Coping with Anticipatory Grief

from the Hospice of the Florida Suncoast

You or your loved one may begin feeling the effects of loss and grief before a death actually occurs. These are normal reactions to current and future losses. Losses can include those associated with caring for someone with an illness, changes in relationships, and the anticipated loss of a loved one. This anticipatory grief may actually help you prepare for the losses and decrease the intensity of grief after the death occurs.

Causes of Anticipatory Grief

Some of the causes of anticipatory grief are related to fears and actual or possible losses, such as:

  • Loss of social life

  • Loss of companionship

  • Loss of usual eating, sleep, work, and recreational habits

  • Loss of independence

  • Loss of control, such as, being able to care for yourself or a loved one

  • Fears related to life without your loved one

  • Fear of losing present family structure, such as head of household, the family matriarch, or frequency of visits from family members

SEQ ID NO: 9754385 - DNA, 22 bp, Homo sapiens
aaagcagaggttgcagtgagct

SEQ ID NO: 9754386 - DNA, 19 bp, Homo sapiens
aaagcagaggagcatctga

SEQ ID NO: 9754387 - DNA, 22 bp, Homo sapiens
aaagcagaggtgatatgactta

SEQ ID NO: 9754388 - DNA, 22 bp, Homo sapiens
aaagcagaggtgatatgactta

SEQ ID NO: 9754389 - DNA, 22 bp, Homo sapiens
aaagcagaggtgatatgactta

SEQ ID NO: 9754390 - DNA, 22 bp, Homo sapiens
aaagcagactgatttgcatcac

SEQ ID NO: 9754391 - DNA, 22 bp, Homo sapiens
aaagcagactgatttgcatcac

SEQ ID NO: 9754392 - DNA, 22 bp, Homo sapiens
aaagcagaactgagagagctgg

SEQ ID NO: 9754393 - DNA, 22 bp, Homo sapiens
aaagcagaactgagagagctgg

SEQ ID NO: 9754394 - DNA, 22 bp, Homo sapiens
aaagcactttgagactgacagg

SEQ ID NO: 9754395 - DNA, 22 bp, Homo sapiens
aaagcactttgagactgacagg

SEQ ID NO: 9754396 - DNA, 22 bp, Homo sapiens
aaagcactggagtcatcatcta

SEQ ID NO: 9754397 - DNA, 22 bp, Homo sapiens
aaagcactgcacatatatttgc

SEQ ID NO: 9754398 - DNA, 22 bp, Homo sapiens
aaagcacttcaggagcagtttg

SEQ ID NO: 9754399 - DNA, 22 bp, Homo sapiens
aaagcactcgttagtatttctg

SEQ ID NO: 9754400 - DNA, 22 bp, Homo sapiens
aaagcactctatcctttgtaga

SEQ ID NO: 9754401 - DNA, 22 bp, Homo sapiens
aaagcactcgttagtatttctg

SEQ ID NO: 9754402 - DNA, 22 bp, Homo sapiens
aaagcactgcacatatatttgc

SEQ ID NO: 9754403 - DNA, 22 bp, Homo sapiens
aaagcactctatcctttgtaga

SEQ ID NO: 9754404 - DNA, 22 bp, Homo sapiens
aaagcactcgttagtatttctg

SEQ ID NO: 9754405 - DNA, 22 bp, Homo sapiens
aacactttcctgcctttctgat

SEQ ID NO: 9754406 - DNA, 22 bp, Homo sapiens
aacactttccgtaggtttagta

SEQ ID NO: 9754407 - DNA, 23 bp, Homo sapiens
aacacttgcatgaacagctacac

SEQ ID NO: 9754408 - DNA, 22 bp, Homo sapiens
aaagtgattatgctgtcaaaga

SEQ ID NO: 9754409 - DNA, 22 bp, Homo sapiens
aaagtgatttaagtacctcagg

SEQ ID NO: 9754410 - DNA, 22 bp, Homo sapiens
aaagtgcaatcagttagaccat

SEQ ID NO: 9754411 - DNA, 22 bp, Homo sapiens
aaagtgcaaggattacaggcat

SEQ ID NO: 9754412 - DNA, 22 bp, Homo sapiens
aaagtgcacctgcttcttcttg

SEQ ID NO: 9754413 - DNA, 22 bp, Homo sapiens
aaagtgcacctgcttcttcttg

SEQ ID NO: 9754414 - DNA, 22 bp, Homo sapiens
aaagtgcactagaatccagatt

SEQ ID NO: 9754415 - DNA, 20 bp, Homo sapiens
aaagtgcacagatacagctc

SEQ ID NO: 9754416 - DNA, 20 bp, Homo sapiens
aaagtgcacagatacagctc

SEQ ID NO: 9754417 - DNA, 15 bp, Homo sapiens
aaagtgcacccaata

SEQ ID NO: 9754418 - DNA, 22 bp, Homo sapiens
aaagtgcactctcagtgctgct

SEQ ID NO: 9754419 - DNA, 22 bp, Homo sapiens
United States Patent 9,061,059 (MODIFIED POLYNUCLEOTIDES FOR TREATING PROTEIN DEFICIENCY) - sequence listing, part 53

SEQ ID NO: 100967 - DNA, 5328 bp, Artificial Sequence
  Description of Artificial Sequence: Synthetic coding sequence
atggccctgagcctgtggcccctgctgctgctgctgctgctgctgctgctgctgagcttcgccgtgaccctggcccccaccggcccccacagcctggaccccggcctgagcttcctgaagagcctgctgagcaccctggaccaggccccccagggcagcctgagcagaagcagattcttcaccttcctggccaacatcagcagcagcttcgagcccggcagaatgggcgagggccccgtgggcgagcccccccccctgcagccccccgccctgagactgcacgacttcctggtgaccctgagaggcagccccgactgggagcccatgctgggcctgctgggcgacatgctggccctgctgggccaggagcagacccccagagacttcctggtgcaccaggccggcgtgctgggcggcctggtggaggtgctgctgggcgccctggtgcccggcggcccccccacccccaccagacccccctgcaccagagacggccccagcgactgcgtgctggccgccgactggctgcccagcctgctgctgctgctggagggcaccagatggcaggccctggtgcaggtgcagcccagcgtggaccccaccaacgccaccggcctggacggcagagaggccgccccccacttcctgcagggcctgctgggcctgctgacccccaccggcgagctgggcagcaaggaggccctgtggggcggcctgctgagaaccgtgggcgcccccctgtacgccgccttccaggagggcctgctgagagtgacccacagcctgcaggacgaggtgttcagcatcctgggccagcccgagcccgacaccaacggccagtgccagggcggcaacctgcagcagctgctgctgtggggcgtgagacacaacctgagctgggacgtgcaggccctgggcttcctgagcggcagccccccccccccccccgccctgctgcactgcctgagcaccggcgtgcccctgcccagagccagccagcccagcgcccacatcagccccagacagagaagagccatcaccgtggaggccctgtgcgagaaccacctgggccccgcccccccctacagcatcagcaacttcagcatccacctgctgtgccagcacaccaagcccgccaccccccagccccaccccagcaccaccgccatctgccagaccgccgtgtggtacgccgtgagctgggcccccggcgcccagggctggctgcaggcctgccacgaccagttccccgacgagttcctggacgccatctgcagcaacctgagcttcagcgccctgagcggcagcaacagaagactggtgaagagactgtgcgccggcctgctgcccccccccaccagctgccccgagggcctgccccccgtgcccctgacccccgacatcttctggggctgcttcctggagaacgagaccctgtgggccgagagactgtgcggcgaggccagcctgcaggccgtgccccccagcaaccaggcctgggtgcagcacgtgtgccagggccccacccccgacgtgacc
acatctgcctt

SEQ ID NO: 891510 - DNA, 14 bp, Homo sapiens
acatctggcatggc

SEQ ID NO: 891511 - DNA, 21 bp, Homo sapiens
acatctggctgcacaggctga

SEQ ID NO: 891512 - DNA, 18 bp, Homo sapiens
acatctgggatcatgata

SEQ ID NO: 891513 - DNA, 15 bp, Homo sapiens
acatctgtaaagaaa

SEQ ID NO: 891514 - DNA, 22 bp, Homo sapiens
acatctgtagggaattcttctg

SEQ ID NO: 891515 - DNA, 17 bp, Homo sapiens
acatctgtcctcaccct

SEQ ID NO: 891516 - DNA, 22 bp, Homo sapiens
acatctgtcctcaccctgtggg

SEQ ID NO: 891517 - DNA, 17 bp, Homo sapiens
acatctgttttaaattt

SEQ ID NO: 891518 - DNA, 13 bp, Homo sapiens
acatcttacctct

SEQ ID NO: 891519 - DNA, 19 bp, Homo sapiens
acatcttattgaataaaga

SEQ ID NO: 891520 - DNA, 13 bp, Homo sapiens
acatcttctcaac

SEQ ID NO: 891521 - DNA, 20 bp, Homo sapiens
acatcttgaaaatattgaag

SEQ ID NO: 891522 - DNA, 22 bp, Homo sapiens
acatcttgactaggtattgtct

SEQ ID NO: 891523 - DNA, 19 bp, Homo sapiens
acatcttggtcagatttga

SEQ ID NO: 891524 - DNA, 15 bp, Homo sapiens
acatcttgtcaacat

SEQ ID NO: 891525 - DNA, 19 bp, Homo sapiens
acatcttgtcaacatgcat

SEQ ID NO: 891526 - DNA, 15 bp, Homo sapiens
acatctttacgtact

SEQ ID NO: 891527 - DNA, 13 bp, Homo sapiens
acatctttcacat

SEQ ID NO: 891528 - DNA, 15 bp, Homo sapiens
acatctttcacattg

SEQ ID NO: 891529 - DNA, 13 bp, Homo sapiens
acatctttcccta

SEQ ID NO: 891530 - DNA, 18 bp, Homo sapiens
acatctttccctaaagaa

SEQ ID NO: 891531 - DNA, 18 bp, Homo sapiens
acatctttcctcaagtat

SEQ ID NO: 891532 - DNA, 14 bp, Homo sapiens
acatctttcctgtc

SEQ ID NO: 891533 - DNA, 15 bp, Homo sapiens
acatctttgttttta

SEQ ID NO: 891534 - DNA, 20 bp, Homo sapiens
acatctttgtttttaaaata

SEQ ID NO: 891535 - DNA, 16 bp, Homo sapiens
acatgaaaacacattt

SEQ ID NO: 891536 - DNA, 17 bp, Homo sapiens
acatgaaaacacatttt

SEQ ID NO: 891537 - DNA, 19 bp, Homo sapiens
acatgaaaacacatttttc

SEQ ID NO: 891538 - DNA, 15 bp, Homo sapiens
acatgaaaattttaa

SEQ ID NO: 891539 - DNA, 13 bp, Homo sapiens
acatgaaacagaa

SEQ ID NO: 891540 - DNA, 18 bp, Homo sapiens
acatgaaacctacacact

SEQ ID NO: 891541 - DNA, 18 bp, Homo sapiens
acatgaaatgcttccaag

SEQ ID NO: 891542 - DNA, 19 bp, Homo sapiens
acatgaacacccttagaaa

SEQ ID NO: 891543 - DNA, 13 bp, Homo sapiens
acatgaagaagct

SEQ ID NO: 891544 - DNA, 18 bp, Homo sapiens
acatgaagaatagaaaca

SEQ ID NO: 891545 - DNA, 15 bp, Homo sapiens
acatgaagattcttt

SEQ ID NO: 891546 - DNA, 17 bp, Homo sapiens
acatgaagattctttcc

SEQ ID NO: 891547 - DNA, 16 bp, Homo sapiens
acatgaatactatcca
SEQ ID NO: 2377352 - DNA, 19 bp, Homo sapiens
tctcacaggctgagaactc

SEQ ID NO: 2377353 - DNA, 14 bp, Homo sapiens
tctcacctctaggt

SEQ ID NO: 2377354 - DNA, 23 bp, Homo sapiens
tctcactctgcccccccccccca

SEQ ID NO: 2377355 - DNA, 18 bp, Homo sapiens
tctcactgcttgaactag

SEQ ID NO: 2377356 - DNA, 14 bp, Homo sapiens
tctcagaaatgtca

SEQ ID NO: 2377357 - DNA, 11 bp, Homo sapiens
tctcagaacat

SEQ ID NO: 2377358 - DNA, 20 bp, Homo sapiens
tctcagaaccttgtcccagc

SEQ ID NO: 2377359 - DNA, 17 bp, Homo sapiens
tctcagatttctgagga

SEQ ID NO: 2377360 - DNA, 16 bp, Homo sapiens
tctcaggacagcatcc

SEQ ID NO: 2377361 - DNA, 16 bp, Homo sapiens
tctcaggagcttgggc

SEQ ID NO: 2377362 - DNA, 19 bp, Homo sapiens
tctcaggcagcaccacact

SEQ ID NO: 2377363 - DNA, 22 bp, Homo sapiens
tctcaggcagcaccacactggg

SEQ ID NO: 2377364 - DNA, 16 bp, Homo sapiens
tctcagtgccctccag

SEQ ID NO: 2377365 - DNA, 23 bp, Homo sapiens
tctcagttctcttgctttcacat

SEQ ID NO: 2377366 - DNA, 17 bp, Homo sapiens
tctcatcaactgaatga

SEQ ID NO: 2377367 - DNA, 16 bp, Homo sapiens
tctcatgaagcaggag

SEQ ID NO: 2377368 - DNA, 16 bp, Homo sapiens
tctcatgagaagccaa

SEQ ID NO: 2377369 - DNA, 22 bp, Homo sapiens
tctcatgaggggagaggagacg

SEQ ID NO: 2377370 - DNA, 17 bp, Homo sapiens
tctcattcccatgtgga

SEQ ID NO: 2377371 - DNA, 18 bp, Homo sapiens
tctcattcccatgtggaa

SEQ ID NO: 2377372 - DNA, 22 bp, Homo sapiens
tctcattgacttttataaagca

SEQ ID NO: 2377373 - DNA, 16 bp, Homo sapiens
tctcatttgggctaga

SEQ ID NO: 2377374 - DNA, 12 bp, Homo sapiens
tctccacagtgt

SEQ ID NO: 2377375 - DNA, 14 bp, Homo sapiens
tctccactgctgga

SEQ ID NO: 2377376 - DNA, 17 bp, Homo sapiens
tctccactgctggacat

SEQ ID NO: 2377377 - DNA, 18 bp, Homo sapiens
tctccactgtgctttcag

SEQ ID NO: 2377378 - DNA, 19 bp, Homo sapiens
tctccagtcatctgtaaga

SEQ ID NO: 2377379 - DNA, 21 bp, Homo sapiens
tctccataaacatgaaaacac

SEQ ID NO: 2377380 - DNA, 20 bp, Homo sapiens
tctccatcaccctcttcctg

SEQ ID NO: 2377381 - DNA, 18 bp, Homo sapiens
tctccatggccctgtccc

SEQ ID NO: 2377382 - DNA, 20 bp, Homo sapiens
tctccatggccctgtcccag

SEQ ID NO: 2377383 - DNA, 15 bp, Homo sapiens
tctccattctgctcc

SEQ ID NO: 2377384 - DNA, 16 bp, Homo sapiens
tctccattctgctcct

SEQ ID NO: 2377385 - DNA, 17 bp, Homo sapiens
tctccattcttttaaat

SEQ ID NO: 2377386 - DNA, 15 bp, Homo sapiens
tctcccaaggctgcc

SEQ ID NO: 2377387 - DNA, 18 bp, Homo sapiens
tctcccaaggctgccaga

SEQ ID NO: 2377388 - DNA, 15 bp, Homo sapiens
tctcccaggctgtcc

• Fear of starting over

  • Fear of the unknown

Signs and Symptoms of Anticipatory Grief

It is normal to experience recurring or combinations of signs and symptoms of anticipatory grief. Some of the signs and symptoms of anticipatory grief may include the following:

  • Feelings of guilt

  • Tearfulness

  • Constant changes in emotions

  • Anger

  • Depression

  • Feelings of emotional numbness

  • Anxiety or feelings of fear

  • Changes in sleeping and eating habits

  • Poor concentration

  • Forgetfulness or poor memory

  • Loneliness

  • Denial

  • Acceptance

  • Fatigue

What You Can Do

There are things you can do which may be helpful for working through the anticipatory grief process. Some suggestions may include:

  • Go for short walks when possible.

  • Write in a journal.

  • Plan for the future.

  • Seek spiritual assistance if needed.

  • Talk to someone such as friends, family, or clergy.

  • Make changes only as needed but put off major decisions when possible.

  • Do the things you want to do now. Forget the chores that you can do later.

  • Spend time with your loved one, friends, support group and family.

  • Seek help from your family, friends, and/or a hospice volunteer to arrange some time to spend doing things you enjoy.

  • Call your Hospice team if anticipatory grief feels overwhelming or you want to talk about your feelings.

  • Attend a caregiver support group.

  • Sometimes it may feel that the grief process will not end as you experience loss.